The Foreign Service is quite small. As Secretary of Defense Gates once said, there are more military musicians than Foreign Service Officers. So, when I hear about an attack on a diplomatic facility, it’s kind of like someone attacking a building down the street instead of on the other side of the world. When I saw the news that a suicide bomber had attacked the U.S. embassy in Ankara, my mind quickly flashed to my friend serving there now, and then to several friends who had served there in the past and are in training to serve there soon.
Later that day, news got out that the suicide bomber had killed a locally hired guard. This man was Turkish, not American, but gave his life in service to the United States. At every U.S. embassy and consulate around the world, locally hired staff work to further the goals of U.S. foreign policy, to ensure that facilities are working properly, and to protect the buildings and the people inside of them. Often they do so without the protections and benefits that diplomats get in dangerous and difficult locales. They know that U.S. embassies and consulates around the world are targets for many people and that working for the United States makes them targets as well, but they still continue to guard our diplomatic facilities.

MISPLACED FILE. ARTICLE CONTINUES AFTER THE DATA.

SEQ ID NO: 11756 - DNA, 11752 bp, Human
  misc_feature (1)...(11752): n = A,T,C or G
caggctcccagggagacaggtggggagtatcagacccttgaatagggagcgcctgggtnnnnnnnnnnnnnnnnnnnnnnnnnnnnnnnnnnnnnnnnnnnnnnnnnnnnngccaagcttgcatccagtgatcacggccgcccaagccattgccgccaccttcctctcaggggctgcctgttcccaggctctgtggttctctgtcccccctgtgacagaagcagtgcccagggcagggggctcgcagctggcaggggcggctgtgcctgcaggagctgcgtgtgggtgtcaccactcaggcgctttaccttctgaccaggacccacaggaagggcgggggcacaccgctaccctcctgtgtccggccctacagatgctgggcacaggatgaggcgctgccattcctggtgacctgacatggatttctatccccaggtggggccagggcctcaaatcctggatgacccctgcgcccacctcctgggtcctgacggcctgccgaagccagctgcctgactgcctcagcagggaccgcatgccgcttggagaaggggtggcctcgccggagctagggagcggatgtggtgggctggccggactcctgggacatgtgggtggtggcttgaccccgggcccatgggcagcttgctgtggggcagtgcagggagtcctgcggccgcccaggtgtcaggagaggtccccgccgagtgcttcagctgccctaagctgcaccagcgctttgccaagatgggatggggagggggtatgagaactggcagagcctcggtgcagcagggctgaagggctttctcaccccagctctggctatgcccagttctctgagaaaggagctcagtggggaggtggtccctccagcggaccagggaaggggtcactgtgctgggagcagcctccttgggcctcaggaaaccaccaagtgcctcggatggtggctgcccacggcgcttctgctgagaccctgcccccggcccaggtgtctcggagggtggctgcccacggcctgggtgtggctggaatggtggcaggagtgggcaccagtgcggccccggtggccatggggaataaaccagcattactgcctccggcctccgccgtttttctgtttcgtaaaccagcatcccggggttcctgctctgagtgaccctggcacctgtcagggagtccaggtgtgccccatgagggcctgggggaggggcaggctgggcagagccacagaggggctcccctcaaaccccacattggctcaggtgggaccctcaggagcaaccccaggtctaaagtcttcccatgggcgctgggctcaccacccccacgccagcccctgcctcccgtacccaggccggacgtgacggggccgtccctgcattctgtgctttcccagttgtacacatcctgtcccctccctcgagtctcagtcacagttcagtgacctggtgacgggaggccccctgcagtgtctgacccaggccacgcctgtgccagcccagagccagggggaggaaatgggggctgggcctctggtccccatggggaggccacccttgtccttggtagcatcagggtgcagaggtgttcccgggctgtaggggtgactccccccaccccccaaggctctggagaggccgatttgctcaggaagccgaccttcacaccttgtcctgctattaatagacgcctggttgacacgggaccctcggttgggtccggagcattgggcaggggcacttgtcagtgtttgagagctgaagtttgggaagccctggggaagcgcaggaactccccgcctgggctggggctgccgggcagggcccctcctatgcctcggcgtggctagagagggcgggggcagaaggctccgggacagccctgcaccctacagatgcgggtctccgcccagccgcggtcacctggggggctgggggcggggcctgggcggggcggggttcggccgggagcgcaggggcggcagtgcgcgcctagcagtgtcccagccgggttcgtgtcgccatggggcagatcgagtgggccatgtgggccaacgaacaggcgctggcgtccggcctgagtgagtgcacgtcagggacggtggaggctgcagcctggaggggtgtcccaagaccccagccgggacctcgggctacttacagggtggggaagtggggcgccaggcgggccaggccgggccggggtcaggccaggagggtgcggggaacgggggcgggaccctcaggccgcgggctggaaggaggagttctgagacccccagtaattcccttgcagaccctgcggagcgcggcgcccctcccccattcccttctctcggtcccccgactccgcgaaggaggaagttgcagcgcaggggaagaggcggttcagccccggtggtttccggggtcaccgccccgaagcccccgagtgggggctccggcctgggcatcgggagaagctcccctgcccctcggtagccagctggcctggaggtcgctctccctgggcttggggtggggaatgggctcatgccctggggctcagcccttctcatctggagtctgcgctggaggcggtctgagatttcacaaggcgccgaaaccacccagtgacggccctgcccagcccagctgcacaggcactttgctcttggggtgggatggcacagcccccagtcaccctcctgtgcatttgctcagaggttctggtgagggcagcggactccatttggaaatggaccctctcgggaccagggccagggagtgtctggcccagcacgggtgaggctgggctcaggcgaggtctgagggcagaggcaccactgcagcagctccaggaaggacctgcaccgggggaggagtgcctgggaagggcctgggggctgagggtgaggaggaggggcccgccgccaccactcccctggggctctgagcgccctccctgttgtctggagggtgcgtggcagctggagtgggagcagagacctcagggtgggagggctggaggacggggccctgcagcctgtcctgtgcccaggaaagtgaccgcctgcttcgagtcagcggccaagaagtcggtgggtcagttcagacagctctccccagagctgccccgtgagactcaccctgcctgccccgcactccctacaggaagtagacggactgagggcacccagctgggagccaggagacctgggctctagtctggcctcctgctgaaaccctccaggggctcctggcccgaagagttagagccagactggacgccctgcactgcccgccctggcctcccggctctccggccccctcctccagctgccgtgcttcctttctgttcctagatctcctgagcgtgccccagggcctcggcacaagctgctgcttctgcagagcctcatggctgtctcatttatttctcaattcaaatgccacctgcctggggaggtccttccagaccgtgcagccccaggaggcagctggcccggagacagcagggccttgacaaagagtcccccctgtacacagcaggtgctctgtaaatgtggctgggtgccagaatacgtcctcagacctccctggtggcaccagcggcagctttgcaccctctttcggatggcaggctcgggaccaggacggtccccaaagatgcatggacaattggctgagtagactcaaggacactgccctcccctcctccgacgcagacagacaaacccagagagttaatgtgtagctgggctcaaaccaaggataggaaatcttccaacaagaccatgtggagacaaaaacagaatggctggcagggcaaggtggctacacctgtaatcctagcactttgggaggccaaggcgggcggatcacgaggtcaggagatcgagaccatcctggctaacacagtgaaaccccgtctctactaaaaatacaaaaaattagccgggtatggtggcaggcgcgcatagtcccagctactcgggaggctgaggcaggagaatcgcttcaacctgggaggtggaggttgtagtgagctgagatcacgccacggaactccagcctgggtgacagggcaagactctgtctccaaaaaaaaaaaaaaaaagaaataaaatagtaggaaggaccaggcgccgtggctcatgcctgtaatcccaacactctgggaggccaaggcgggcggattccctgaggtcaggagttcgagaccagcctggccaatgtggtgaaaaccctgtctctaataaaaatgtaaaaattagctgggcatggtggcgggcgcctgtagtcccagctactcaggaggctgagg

All too often, when someone attacks a U.S. embassy or consulate, the locally hired staff are the first ones hit, bear the brunt of the attack, and suffer the greatest casualties. So, while the media has moved on to the next story, please remember that these local guards put their lives on the line to protect U.S. embassies and consulates daily. They may not be U.S. citizens, but that does not mean that they do not sacrifice for our country.